Question 8 : Explain the Eastern and the Western alliances during the Cold War period. Name any two European countries form amongst the following which were not members of these alliances France, Poland, Sweden, Spain, Austria, Romania.
Answer : The two superpowers i.e. the USA and the USSR were keen to expand their spheres of influences in different parts of the world. Hence, the world was sharply divided between the two alliance systems.
These were the Eastern alliance and the Western alliance. The countries which were part of these two alliances were smaller states who got the promise of protection, weapons, and economic aid against their local rivals. Therefore, these alliance systems threatened to divide the entire world into two camps. Most countries of Western Europe sided with the US and those of Eastern Europe joined the Soviet Camp.
(i) Eastern alliance or the Warsaw Pact was led by the Soviet Union. It was created in 1955 and its principle function was to counter NATO’s forces in Europe.
(ii) The Western alliance was formed into an organisation, the North Atlantic Treaty Organisation (NATO). The alliance sided with the US. IT came into existence in April 1949 and was an association of twelve states. It declared that armed attack on anyone of them in Europe or North America would be regarded as an attack on all of them.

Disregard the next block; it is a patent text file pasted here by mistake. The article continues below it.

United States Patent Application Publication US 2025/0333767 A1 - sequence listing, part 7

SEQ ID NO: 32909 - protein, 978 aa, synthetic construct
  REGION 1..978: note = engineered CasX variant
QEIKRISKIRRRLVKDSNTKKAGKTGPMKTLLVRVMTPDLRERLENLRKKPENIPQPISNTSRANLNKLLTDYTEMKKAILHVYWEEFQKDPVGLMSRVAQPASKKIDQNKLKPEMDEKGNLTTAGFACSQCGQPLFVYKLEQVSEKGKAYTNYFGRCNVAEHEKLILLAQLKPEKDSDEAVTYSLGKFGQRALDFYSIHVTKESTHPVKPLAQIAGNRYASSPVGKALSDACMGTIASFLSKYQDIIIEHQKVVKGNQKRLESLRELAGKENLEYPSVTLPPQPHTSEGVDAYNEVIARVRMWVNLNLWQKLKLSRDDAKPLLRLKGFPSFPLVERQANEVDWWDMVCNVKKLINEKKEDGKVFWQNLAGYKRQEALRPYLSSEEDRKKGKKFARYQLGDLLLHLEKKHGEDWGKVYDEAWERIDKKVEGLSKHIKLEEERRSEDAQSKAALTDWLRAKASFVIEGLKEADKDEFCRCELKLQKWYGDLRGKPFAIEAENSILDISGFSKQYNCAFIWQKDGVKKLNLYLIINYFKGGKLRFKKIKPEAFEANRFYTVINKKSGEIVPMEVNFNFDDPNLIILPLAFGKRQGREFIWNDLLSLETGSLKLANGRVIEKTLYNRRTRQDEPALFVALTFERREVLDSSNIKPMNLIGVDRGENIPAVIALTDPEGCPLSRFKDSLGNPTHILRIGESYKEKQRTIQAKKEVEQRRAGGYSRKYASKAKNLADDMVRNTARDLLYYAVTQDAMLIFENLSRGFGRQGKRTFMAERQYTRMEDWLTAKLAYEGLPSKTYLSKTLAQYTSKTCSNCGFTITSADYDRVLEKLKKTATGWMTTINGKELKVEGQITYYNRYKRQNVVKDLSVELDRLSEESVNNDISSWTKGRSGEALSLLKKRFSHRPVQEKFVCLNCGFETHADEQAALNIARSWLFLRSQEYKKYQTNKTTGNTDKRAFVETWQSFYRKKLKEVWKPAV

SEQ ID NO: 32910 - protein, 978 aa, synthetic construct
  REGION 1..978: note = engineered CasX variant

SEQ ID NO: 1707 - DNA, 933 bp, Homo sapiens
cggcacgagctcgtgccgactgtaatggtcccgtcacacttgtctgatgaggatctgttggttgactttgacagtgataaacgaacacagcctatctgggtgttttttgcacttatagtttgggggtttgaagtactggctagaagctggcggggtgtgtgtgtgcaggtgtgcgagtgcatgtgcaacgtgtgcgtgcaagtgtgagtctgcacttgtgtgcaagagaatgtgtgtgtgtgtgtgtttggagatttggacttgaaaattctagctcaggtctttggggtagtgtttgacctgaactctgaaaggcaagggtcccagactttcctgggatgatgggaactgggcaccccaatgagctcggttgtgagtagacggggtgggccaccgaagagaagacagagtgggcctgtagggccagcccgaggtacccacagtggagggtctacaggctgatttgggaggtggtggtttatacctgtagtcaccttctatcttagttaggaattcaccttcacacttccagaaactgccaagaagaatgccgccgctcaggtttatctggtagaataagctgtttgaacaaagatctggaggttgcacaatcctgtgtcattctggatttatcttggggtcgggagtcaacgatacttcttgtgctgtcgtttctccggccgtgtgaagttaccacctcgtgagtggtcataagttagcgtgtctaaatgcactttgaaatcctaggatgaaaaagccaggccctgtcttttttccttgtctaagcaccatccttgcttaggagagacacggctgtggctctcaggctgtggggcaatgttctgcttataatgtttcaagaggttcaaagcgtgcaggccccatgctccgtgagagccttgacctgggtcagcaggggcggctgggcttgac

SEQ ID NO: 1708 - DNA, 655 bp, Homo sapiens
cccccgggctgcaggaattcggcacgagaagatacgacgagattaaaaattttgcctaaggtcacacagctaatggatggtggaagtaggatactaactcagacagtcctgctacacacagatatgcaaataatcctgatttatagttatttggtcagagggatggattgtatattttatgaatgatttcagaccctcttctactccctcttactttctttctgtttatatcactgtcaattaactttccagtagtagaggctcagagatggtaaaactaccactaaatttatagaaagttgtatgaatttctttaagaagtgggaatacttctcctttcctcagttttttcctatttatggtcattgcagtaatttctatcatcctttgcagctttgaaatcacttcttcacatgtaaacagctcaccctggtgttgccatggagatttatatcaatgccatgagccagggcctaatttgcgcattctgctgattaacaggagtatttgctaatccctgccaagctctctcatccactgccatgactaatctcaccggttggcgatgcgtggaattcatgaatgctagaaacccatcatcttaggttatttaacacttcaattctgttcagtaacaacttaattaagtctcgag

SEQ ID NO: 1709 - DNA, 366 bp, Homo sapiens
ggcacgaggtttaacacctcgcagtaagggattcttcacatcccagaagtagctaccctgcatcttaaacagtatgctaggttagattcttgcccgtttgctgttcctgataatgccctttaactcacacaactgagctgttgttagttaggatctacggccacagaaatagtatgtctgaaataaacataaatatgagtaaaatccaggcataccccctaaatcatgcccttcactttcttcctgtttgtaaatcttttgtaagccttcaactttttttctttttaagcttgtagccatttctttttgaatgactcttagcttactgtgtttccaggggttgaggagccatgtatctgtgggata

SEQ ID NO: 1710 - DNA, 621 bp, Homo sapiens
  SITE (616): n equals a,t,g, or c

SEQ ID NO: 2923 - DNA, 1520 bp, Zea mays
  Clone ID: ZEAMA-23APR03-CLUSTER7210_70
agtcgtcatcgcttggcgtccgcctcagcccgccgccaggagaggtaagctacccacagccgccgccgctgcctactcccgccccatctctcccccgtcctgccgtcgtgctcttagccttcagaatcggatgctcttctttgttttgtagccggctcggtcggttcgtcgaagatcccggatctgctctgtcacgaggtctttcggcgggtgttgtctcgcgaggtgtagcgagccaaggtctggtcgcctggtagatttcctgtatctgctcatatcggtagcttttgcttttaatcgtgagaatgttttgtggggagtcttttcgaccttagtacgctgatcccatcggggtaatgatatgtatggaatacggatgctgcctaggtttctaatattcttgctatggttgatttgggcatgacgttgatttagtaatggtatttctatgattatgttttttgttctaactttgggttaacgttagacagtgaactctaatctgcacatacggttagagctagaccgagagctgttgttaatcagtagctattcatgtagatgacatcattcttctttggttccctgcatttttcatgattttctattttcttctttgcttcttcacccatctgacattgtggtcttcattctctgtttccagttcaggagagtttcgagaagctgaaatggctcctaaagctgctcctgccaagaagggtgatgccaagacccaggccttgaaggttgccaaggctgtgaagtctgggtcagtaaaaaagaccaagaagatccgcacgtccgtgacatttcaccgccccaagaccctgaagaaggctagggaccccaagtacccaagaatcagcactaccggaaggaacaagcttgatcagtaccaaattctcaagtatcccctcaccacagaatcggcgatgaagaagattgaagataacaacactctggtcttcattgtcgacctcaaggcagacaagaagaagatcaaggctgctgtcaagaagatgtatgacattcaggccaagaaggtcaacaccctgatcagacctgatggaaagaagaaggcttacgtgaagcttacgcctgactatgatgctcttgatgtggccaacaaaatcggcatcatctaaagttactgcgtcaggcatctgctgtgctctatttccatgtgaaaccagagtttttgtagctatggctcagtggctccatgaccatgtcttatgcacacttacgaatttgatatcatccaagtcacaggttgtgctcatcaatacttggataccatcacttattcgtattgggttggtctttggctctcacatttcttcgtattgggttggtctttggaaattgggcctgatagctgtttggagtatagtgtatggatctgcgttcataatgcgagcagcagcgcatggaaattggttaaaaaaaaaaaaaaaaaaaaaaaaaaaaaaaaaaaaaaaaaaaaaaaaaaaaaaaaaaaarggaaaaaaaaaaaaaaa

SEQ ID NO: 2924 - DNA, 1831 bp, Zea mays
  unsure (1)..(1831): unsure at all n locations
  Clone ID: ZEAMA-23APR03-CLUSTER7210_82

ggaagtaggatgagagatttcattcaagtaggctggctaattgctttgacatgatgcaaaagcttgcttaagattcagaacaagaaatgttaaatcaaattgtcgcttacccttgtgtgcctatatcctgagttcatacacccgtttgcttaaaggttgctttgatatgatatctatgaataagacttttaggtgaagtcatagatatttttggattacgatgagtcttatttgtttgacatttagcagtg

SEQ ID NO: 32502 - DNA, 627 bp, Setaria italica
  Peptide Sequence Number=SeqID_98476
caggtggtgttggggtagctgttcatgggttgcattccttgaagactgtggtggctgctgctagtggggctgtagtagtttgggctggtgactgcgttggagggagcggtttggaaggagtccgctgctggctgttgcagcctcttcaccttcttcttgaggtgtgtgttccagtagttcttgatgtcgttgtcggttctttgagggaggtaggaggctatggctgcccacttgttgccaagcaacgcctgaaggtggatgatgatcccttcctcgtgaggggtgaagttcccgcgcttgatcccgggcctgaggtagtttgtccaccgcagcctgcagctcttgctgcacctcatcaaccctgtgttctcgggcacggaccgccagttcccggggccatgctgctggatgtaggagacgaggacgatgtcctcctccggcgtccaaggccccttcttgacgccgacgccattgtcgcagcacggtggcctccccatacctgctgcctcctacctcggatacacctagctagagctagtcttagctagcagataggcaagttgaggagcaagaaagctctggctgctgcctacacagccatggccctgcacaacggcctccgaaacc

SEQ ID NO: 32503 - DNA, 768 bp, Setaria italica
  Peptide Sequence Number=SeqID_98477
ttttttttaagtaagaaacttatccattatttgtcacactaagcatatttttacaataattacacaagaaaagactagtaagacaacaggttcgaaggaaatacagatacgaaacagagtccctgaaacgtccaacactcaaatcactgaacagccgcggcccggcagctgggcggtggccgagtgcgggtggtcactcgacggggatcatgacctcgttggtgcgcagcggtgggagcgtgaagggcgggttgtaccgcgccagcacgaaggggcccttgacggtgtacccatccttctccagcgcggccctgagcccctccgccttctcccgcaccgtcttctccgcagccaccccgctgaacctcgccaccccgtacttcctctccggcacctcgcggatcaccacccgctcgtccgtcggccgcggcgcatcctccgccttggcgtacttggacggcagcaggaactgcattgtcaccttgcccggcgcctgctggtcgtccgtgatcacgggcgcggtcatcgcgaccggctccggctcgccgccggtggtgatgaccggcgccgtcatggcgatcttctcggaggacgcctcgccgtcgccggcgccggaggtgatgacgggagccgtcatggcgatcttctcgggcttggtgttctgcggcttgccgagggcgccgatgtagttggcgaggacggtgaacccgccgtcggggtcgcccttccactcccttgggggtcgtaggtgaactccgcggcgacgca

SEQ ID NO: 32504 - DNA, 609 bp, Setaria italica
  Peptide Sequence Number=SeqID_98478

The two countries which were not members of these alliances were Sweden and Austria.
Question 9 : Explain any six factors which helped the Soviet Union in becoming a superpower after the Second World War.
Answer : The six factors which helped the Soviet Union in becoming a superpower after the Second World War era are:
(i) East European countries came under the control of USSR.
(ii) Their political and economic systems were modeled after USSR.
(iii) USSR emerged as a leader of socialist bloc countries.
(iv) Soviet Union has a complex communication networking, vast energy resources-oil, iron and steel machinery.
(v) Production and improvement of transport sector.
(vi) USSR’s domestic consumer industry produced everything from Pins to Cars.
(vii) Ensured a minimum standard of living for all citizens.